Bill against casualisation of labour passes second reading in senate
A bill seeking prohibition of casualisation of all forms of employment in private and public sectors in the country has passed second reading at the Senate.
The Prohibition of Casualisation Bill 2020, that was first introduced in the Senate in March 2020, is being sponsored by Ayo Akinyelure.
It specifically seeks to end all forms of dehumanising practices in the labour market, which the sponsor said has become a subject of great concern as many employees have suffered from “immoral strategy of cutting cost” by employers.
Ayo noted that the practice is common place in the telecom, oil and gas, mining, steel, banking and insurance sectors where Nigerian graduates are treated as second class citizens while foreigners from underdeveloped countries like Indian, Pakistan and Lebanon, with less qualifications to Nigerian graduates are placed as managers above Nigerian graduates, even in government establishments.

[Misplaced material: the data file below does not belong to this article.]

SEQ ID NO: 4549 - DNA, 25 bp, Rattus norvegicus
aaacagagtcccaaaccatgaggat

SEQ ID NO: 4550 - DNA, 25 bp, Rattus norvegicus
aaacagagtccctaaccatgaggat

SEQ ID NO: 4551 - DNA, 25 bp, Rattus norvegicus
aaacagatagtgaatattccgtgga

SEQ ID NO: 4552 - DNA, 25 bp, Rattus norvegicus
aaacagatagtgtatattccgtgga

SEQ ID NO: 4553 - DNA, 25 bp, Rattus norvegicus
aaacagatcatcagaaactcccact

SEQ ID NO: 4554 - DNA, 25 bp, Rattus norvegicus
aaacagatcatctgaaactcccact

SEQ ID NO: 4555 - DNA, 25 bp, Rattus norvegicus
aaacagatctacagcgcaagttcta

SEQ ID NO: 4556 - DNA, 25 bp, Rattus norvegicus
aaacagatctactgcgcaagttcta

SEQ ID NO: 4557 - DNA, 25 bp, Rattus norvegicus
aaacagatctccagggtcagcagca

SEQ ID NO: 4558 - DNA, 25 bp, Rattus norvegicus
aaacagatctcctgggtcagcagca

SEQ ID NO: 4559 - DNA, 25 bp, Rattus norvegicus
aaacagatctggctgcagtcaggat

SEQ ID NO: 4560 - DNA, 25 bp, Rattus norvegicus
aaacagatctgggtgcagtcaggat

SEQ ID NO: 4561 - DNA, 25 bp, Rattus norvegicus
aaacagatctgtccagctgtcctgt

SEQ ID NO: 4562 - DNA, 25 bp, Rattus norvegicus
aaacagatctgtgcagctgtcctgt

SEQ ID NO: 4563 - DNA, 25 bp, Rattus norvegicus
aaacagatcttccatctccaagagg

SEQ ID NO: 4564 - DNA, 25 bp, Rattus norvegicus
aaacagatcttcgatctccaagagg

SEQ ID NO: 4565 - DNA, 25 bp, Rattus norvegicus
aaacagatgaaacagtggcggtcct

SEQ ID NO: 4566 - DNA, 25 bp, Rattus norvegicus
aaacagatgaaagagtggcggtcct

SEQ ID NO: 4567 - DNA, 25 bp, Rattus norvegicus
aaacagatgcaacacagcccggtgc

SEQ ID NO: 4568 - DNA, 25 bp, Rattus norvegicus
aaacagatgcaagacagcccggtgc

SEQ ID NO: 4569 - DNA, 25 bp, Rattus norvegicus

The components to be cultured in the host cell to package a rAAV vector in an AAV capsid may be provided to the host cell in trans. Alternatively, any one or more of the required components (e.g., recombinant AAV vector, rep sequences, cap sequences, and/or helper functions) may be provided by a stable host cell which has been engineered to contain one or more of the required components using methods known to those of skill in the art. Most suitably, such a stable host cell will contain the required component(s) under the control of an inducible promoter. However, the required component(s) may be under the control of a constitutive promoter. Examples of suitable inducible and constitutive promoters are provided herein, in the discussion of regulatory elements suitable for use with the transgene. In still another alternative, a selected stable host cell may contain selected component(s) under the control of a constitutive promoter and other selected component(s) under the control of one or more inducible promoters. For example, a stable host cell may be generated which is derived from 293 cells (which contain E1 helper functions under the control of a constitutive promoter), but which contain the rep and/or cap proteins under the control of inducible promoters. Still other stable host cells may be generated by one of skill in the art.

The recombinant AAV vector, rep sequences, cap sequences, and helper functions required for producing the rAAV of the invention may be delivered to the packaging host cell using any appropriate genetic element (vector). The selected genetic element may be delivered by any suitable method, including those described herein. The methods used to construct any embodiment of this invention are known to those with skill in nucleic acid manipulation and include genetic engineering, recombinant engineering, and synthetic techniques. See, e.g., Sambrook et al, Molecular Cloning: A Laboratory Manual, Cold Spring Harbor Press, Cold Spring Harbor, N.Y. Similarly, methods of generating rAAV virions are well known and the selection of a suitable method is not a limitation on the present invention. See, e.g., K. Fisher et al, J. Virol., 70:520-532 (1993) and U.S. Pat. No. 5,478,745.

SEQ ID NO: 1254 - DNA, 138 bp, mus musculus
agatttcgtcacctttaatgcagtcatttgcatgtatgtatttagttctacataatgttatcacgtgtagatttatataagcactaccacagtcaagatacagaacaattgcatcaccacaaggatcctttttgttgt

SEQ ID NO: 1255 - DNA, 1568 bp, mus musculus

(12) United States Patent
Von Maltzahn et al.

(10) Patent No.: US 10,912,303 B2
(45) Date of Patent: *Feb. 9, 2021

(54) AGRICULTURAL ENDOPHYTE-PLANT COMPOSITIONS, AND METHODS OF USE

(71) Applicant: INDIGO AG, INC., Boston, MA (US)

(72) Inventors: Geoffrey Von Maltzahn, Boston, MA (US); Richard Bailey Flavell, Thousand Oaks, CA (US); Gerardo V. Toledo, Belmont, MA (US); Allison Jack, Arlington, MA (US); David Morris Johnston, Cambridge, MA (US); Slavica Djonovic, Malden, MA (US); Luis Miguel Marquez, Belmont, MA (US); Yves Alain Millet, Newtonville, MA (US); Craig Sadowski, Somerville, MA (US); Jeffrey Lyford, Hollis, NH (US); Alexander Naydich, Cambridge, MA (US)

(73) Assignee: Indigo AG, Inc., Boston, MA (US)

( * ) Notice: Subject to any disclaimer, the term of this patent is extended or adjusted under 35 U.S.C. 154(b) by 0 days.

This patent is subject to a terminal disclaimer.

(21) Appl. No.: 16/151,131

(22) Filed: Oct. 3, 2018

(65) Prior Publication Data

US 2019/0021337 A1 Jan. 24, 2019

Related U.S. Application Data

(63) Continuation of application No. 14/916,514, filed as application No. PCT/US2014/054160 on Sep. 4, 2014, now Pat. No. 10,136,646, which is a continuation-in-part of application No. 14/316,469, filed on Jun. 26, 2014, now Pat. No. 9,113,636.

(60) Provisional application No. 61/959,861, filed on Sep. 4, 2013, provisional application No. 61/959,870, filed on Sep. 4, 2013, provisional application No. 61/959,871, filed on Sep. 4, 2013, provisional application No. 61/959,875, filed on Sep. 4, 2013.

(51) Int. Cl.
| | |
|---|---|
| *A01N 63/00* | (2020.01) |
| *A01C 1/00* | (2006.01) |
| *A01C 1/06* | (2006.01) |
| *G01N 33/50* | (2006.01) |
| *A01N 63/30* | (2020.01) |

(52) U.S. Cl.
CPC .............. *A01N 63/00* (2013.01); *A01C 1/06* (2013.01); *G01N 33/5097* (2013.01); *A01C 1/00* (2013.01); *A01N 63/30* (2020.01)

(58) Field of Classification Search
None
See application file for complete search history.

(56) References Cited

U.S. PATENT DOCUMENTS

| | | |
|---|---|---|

According to him, over 45 per cent of the work force in Nigeria are casual workers, making it imperative to save vulnerable Nigerians from the evil of involuntary servitude.
He argued that if the bill is passed into law, it would increase the percentage of taxable adults as well as boost the internal generated revenue of government.
ALSO, yesterday, the Senate, in a bid to checkmate exodus of doctors and nurses to other countries, considered a bill that would sufficiently address remuneration-related problems of employees of the federal medical centres.
The bill also aims to minimise revenue losses through medical tourism as it would discourage Nigerians from traveling to other countries for medical care.
The Federal Medical Centres (Establishment) Bill, 2021, was sponsored by Aishatu Dahiru Ahmed. Leading the debate on the bill, Ahmed said absence of a legal framework for regulation, development and management of federal medical centres to set standards for rendering health services was hindering provision of intensive, effective and efficient health care services to Nigerians.
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